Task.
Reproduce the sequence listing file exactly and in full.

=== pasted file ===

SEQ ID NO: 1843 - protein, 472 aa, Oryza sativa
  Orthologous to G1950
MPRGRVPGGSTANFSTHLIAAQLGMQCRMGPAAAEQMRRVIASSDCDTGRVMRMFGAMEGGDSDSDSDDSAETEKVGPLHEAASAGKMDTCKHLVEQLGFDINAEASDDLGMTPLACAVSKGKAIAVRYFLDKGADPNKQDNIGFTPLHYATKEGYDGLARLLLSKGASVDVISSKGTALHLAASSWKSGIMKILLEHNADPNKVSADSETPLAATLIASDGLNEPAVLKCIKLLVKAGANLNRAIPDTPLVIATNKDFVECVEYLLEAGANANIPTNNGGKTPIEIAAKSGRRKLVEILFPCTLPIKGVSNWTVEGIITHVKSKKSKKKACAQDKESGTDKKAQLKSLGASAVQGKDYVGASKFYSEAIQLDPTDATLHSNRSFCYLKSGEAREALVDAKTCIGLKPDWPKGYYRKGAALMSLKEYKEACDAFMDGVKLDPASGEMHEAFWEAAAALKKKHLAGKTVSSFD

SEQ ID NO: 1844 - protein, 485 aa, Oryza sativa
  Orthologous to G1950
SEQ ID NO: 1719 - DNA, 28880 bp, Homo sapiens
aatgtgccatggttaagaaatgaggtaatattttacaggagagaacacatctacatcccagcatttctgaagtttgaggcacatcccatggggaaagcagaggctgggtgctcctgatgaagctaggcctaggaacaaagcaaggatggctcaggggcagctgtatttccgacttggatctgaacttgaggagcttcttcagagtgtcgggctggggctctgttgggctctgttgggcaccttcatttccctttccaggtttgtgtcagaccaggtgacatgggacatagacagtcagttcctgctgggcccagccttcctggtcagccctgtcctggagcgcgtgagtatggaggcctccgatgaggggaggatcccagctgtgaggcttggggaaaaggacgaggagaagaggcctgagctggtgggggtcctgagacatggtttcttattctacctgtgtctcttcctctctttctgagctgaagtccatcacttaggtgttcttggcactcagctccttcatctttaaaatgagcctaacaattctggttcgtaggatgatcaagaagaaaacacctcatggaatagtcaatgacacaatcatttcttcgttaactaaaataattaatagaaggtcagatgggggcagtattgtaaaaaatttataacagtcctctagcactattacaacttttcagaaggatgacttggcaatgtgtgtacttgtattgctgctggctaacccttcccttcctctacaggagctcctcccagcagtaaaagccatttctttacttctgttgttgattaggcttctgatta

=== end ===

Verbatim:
SEQ ID NO: 1843 - protein, 472 aa, Oryza sativa
  Orthologous to G1950
MPRGRVPGGSTANFSTHLIAAQLGMQCRMGPAAAEQMRRVIASSDCDTGRVMRMFGAMEGGDSDSDSDDSAETEKVGPLHEAASAGKMDTCKHLVEQLGFDINAEASDDLGMTPLACAVSKGKAIAVRYFLDKGADPNKQDNIGFTPLHYATKEGYDGLARLLLSKGASVDVISSKGTALHLAASSWKSGIMKILLEHNADPNKVSADSETPLAATLIASDGLNEPAVLKCIKLLVKAGANLNRAIPDTPLVIATNKDFVECVEYLLEAGANANIPTNNGGKTPIEIAAKSGRRKLVEILFPCTLPIKGVSNWTVEGIITHVKSKKSKKKACAQDKESGTDKKAQLKSLGASAVQGKDYVGASKFYSEAIQLDPTDATLHSNRSFCYLKSGEAREALVDAKTCIGLKPDWPKGYYRKGAALMSLKEYKEACDAFMDGVKLDPASGEMHEAFWEAAAALKKKHLAGKTVSSFD

SEQ ID NO: 1844 - protein, 485 aa, Oryza sativa
  Orthologous to G1950
SEQ ID NO: 1719 - DNA, 28880 bp, Homo sapiens
aatgtgccatggttaagaaatgaggtaatattttacaggagagaacacatctacatcccagcatttctgaagtttgaggcacatcccatggggaaagcagaggctgggtgctcctgatgaagctaggcctaggaacaaagcaaggatggctcaggggcagctgtatttccgacttggatctgaacttgaggagcttcttcagagtgtcgggctggggctctgttgggctctgttgggcaccttcatttccctttccaggtttgtgtcagaccaggtgacatgggacatagacagtcagttcctgctgggcccagccttcctggtcagccctgtcctggagcgcgtgagtatggaggcctccgatgaggggaggatcccagctgtgaggcttggggaaaaggacgaggagaagaggcctgagctggtgggggtcctgagacatggtttcttattctacctgtgtctcttcctctctttctgagctgaagtccatcacttaggtgttcttggcactcagctccttcatctttaaaatgagcctaacaattctggttcgtaggatgatcaagaagaaaacacctcatggaatagtcaatgacacaatcatttcttcgttaactaaaataattaatagaaggtcagatgggggcagtattgtaaaaaatttataacagtcctctagcactattacaacttttcagaaggatgacttggcaatgtgtgtacttgtattgctgctggctaacccttcccttcctctacaggagctcctcccagcagtaaaagccatttctttacttctgttgttgattaggcttctgatta